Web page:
A (pending) Sunday night loss to the Lakers was all that separated Nets coach Lawrence Frank from tying the NBA’s mark of most consecutive losses to open a season (17), and perhaps as a weird sign of respect for the winningest coach in franchise history, Frank was relieved of his duties earlier today. Though GM Rod Thorn lowered the boom in a Sunday afternoon press release, there’s been not a peep from Bruce Ratner, who essentially sent Frank into battle armed with a toothpick. As the Star-Ledger’s Dave D’Alessandro put it so well earlier this week, “sometimes you even wonder whether having a coach even matters around here. ”

Everyone knew all along that he was set up to fail. Everyone knew they told him he™d have the pieces to compete “ until they decided not to touch the roster or spend a dime after draft night. Everyone knew they told him he can choose who gets to play, until they told him who has to play. Everyone knew they told him it that wins really wouldn™t matter “ until they would matter. Everyone knew they told him he™d learn to live without Vince, but that he should still figure out how to win a two-minute game without his only closer.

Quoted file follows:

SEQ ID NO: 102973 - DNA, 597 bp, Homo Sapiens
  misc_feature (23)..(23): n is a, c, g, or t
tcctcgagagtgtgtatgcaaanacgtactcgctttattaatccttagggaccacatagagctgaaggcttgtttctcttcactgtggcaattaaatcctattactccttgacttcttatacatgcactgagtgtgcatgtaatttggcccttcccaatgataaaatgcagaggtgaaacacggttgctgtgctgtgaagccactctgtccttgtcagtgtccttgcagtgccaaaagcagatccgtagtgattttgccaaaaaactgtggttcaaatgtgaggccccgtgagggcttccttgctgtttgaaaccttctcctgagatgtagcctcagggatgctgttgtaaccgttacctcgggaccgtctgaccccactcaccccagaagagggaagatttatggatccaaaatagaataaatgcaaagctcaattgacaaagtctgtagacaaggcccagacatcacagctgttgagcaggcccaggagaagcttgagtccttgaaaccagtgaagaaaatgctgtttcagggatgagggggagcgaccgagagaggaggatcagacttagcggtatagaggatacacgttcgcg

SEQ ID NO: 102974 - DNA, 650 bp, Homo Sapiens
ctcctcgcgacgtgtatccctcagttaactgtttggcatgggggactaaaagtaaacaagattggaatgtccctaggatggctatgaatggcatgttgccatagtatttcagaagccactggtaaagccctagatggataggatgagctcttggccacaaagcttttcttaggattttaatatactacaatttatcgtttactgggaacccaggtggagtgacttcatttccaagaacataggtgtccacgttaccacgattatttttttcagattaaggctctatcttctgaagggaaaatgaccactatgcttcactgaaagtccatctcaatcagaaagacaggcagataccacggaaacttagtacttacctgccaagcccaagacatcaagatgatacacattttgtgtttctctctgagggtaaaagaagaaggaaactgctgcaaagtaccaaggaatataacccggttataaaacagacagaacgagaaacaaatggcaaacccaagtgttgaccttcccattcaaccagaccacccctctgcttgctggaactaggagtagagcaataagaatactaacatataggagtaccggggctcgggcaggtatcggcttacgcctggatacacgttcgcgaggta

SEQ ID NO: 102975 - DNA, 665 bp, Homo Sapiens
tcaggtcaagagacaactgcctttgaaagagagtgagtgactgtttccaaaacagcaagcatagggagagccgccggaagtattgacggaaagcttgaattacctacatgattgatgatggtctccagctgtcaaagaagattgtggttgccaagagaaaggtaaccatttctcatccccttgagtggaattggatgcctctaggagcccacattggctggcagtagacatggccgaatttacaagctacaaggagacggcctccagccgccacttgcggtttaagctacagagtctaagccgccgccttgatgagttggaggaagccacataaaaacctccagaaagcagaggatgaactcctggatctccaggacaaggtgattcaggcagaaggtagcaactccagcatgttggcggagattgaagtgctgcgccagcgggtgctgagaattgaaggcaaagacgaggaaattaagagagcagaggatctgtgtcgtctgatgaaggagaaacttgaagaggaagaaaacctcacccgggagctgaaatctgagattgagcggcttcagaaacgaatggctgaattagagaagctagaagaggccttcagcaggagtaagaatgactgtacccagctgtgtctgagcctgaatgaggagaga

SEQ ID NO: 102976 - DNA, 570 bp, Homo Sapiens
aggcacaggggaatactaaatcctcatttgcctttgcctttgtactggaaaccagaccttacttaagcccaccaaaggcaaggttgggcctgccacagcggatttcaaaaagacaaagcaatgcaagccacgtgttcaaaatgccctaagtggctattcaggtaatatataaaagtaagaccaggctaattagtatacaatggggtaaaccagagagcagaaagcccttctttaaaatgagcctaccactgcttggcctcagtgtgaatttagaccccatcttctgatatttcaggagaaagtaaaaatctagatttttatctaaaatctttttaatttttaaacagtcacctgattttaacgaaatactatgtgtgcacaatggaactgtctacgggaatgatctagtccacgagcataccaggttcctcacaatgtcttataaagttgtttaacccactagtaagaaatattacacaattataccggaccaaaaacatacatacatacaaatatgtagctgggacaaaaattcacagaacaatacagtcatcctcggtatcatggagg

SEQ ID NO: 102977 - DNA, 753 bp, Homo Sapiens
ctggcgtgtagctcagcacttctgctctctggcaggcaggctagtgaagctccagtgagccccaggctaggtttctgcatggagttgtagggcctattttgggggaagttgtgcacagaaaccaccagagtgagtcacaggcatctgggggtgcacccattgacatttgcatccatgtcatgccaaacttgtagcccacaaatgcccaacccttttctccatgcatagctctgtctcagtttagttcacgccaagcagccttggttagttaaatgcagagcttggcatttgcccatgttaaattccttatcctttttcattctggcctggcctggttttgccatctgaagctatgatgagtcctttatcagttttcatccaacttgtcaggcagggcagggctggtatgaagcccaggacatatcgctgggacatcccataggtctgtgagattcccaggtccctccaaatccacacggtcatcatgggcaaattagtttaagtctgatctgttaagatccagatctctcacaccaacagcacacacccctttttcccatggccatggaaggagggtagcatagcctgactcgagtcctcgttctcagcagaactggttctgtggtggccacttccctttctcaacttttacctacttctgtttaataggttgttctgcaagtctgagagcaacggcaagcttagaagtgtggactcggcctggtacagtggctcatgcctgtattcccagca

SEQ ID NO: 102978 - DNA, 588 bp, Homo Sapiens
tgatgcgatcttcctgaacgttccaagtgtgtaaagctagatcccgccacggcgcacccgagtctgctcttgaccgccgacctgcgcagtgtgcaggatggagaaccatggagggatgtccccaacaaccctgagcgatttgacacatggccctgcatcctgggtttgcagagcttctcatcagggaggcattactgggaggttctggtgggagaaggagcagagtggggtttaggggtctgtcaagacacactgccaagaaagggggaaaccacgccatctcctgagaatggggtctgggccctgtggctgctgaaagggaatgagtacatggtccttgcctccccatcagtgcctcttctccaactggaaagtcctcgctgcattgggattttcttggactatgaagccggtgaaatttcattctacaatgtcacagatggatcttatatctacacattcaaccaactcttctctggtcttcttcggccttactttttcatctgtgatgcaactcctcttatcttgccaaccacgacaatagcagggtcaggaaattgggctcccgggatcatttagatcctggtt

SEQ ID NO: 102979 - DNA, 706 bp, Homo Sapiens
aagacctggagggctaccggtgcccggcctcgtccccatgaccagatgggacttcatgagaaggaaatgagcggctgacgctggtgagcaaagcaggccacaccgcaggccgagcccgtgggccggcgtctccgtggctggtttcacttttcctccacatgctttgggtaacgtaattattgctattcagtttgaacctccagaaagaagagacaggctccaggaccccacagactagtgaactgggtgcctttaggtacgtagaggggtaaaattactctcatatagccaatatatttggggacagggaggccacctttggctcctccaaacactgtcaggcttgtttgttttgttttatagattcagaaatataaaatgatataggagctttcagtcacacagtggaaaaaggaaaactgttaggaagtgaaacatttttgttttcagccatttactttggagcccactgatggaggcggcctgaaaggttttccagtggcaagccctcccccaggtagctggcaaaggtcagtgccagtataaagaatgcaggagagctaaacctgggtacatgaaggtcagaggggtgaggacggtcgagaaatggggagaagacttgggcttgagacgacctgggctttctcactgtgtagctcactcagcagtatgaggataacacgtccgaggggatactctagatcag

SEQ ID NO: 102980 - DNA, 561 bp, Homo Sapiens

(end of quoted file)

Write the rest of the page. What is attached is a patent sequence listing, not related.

If Thorn is honest about why they™re in this ditch, he™ll admit that it™s ownership “ not the coach “ who has ordered him to sit on his wallet and dump his best players for inferior or less durable talents.

It™s ownership “ not the coach “ that has this team entombed in a cement slab on the side of a highway rather than a vibrant, state-of-the-sport facility that could actually generate some excitement.

And it™s ownership “ not the coach — that is messing with Thorn™s legacy, and don™t think that part doesn™t irritate everyone who reveres The Boss inside the organization and around the NBA.

In fact, we should not be asking Thorn why it™s time for a new coach, but whether it™s time for a new guy in the corner office, because the current occupant has been tainted by every regressive move enforced since 2004.